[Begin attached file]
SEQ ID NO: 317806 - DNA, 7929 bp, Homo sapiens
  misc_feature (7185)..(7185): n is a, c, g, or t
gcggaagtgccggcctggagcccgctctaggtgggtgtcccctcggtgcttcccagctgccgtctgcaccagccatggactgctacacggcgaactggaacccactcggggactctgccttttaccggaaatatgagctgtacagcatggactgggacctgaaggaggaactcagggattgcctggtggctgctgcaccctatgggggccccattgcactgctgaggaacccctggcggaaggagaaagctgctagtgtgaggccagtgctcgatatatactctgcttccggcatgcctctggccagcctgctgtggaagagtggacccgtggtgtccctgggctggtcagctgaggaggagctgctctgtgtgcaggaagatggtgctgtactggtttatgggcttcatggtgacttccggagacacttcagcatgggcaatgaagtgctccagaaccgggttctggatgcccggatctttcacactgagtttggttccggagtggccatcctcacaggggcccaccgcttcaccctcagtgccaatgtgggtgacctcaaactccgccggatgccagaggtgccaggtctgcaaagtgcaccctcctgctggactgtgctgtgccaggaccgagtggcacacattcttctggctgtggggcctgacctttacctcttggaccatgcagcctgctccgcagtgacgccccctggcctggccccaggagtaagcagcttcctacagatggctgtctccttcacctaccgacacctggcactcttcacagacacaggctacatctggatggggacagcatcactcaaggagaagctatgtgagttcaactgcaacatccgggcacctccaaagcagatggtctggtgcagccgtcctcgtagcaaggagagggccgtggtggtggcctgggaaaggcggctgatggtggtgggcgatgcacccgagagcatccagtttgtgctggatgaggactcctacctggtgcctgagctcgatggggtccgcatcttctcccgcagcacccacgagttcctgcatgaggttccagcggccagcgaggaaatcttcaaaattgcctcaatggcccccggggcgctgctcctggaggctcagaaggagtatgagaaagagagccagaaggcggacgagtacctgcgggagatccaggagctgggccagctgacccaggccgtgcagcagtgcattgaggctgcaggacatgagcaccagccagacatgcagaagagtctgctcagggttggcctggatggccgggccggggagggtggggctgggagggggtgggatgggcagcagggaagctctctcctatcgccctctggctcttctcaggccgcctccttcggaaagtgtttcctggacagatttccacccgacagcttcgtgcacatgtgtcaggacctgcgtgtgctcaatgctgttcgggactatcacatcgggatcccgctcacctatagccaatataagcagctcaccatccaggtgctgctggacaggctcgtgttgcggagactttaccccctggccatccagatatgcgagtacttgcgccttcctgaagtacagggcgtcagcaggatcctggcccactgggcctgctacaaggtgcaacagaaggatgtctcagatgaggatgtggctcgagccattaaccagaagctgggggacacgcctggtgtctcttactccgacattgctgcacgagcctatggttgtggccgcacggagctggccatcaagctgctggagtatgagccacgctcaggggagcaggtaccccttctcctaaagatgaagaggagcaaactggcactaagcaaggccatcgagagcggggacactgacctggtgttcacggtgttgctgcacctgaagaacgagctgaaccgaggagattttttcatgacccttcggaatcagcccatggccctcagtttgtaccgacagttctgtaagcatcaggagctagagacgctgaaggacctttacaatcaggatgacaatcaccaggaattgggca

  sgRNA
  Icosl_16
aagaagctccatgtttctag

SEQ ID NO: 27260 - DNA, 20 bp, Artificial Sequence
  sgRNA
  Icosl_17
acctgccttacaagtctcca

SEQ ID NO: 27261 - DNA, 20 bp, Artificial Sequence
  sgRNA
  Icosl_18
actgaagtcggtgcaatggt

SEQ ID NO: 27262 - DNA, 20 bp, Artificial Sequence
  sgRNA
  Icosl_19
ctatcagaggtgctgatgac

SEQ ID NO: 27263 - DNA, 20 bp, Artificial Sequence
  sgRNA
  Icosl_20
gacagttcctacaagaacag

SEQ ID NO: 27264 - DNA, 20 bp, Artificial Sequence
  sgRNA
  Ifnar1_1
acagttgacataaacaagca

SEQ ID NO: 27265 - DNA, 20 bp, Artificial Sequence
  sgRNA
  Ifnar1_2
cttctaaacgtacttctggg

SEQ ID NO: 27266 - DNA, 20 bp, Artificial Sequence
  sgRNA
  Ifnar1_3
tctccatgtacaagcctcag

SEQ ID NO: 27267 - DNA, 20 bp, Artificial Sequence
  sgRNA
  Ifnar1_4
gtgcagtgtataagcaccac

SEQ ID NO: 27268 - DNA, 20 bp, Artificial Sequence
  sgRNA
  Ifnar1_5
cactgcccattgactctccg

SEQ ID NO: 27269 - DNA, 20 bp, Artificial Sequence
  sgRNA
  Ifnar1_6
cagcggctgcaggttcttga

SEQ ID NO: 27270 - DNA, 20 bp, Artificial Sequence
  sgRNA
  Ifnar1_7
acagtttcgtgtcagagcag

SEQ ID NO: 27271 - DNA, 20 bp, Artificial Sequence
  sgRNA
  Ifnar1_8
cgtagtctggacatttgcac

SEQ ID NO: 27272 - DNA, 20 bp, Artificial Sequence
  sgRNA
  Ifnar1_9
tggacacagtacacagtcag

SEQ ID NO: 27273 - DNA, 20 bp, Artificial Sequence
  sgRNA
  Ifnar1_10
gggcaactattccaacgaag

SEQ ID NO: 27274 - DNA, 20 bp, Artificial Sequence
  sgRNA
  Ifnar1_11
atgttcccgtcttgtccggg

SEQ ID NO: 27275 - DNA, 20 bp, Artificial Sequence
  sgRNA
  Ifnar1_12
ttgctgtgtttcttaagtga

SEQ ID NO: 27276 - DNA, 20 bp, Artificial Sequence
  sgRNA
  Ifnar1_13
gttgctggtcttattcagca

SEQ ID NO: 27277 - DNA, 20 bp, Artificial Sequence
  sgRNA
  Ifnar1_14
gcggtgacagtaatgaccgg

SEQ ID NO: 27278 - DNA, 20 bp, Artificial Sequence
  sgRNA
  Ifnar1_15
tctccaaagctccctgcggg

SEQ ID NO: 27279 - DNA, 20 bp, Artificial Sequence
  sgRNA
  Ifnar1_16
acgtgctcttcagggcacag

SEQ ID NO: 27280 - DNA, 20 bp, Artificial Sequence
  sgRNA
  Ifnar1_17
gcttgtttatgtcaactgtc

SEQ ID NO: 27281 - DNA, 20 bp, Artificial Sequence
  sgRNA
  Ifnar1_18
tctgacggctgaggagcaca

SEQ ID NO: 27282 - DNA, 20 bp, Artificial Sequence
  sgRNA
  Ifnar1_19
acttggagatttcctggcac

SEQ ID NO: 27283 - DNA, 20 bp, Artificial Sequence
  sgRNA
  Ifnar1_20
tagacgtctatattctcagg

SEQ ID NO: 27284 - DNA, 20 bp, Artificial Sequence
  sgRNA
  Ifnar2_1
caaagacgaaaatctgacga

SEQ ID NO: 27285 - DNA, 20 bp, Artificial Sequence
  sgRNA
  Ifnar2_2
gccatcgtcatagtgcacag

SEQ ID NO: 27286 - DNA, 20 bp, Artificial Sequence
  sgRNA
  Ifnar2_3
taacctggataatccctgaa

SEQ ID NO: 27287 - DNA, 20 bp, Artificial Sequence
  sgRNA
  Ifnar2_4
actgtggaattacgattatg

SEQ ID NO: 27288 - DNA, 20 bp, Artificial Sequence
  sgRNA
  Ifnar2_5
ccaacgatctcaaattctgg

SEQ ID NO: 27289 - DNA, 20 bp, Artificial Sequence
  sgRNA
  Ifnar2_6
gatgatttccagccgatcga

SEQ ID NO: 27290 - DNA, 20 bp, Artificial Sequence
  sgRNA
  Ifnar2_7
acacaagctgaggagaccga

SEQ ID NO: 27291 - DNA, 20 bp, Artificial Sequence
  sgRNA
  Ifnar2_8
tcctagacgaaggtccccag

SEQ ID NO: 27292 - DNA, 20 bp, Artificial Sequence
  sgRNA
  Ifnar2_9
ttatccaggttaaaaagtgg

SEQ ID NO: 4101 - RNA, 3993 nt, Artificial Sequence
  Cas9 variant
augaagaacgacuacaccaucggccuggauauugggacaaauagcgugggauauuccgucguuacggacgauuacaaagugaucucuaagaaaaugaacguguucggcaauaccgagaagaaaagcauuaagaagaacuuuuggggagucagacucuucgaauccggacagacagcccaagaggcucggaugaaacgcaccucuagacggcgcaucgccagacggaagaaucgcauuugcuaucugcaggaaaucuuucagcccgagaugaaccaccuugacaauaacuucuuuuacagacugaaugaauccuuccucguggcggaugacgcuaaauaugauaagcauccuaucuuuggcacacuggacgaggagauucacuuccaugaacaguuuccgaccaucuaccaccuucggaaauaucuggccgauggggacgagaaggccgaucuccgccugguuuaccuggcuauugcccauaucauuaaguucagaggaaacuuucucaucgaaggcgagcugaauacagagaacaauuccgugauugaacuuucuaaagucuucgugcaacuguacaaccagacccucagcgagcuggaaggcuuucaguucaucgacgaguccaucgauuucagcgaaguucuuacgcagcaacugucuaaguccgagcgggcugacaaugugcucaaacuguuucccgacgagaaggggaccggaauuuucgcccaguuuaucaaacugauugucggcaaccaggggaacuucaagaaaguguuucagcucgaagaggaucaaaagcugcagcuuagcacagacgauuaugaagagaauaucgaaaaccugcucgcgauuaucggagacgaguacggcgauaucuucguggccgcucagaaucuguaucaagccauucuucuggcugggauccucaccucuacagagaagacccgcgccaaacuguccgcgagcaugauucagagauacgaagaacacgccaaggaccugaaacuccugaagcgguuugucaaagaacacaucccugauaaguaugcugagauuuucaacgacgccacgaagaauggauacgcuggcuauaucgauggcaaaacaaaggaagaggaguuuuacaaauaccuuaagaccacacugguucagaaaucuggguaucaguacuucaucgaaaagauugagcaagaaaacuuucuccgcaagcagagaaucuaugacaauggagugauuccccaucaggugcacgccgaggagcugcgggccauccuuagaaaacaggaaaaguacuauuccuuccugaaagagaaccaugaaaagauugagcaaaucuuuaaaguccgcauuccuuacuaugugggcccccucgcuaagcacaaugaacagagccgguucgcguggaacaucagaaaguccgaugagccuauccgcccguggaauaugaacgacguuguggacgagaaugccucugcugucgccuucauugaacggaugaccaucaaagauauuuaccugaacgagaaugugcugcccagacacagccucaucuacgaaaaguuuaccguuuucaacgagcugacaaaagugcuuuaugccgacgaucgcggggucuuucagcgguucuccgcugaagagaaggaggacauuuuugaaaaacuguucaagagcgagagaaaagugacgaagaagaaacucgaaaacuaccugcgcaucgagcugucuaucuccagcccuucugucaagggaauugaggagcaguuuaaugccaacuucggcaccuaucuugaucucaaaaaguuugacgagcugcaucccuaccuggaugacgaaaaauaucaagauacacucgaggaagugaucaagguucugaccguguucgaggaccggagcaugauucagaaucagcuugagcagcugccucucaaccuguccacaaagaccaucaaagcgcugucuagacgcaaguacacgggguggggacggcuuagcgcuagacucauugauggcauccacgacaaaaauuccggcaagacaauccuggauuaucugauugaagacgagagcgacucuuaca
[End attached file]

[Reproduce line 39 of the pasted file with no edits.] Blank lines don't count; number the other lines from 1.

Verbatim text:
SEQ ID NO: 27268 - DNA, 20 bp, Artificial Sequence